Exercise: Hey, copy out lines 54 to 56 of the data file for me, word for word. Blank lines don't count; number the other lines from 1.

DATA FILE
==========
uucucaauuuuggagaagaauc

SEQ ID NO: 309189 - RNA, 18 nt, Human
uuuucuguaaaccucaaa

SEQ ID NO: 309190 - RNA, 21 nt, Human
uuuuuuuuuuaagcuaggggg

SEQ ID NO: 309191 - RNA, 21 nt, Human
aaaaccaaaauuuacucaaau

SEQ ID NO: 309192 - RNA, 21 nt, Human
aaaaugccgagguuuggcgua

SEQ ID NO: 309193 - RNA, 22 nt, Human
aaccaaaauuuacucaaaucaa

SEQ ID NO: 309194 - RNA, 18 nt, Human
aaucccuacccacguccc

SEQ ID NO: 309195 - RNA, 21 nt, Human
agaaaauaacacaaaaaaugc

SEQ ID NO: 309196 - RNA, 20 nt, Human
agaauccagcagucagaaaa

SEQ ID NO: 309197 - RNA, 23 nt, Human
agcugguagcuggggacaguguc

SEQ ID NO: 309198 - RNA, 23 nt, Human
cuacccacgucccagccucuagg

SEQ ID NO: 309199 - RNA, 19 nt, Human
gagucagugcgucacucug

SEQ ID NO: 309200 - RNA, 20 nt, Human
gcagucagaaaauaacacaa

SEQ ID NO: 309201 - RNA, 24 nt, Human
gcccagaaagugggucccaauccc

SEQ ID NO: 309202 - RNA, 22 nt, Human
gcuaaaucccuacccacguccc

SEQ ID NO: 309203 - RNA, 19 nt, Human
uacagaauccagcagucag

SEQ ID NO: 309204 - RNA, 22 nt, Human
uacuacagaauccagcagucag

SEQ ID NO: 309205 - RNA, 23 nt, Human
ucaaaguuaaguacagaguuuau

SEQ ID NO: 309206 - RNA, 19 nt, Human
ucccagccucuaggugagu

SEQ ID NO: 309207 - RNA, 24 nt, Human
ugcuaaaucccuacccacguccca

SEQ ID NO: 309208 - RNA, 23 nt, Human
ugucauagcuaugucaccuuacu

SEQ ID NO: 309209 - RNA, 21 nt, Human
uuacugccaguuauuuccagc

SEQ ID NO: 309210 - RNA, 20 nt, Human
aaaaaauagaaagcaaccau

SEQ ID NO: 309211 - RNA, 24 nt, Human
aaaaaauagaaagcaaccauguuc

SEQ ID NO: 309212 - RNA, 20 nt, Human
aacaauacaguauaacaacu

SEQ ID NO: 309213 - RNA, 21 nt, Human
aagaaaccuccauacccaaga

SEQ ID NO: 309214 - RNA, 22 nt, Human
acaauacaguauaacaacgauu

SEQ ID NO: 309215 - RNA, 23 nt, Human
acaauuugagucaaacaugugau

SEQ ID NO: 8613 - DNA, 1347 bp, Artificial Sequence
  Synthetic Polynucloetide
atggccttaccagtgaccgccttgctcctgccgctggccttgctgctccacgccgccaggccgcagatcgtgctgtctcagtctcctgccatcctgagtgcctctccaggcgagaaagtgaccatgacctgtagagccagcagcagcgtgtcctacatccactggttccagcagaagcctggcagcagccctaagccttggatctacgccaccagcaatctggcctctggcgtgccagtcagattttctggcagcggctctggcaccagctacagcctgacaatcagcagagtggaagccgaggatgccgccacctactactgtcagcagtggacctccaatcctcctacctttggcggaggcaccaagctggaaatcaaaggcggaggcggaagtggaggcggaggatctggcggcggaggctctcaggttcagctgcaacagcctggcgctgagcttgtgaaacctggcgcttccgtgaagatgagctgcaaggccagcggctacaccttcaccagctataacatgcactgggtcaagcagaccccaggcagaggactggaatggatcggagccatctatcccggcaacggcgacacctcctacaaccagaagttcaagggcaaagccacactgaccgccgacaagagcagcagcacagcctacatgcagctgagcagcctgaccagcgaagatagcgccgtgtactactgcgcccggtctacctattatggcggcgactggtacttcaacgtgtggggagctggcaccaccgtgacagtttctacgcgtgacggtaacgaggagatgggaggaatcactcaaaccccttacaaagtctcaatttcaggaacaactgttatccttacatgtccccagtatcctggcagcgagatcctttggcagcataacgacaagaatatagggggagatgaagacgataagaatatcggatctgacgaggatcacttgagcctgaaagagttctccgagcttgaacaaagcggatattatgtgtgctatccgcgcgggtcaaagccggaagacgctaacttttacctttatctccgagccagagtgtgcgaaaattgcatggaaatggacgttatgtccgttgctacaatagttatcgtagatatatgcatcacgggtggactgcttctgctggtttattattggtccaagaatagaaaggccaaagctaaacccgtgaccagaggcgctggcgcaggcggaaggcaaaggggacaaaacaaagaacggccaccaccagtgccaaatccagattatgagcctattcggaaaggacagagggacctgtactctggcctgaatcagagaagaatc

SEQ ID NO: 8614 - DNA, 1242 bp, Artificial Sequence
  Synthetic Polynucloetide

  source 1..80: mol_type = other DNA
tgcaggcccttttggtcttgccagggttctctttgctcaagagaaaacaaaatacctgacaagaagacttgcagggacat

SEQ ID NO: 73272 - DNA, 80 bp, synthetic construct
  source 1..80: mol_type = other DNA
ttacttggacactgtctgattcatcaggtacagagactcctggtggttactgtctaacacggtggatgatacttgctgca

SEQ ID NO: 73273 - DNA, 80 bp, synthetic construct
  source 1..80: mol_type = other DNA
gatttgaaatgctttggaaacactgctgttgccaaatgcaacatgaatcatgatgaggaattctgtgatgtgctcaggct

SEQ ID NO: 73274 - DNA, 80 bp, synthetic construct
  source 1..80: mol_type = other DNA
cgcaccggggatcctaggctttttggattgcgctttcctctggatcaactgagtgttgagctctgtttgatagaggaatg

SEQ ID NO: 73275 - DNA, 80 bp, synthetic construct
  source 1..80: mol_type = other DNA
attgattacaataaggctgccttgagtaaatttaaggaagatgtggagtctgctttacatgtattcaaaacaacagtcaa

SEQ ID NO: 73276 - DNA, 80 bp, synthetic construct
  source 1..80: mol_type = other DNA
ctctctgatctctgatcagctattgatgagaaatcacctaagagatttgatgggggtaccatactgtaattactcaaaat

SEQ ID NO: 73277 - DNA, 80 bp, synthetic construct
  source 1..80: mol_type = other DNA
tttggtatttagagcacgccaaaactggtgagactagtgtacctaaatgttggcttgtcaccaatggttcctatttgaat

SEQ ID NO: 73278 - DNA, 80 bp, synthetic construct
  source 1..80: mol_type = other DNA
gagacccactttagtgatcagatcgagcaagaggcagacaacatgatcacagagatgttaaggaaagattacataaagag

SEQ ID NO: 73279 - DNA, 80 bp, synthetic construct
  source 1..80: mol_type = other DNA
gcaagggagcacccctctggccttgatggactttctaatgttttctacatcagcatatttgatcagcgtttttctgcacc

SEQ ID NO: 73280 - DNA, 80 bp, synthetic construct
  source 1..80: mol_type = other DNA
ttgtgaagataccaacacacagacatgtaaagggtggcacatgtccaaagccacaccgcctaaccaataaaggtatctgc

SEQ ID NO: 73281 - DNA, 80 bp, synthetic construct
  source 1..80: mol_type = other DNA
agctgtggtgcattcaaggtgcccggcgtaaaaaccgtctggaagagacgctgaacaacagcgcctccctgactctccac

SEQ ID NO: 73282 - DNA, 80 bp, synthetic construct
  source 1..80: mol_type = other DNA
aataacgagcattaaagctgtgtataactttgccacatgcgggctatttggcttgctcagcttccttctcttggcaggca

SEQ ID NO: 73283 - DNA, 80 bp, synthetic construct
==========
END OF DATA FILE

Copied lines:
SEQ ID NO: 309215 - RNA, 23 nt, Human
acaauuugagucaaacaugugau

SEQ ID NO: 8613 - DNA, 1347 bp, Artificial Sequence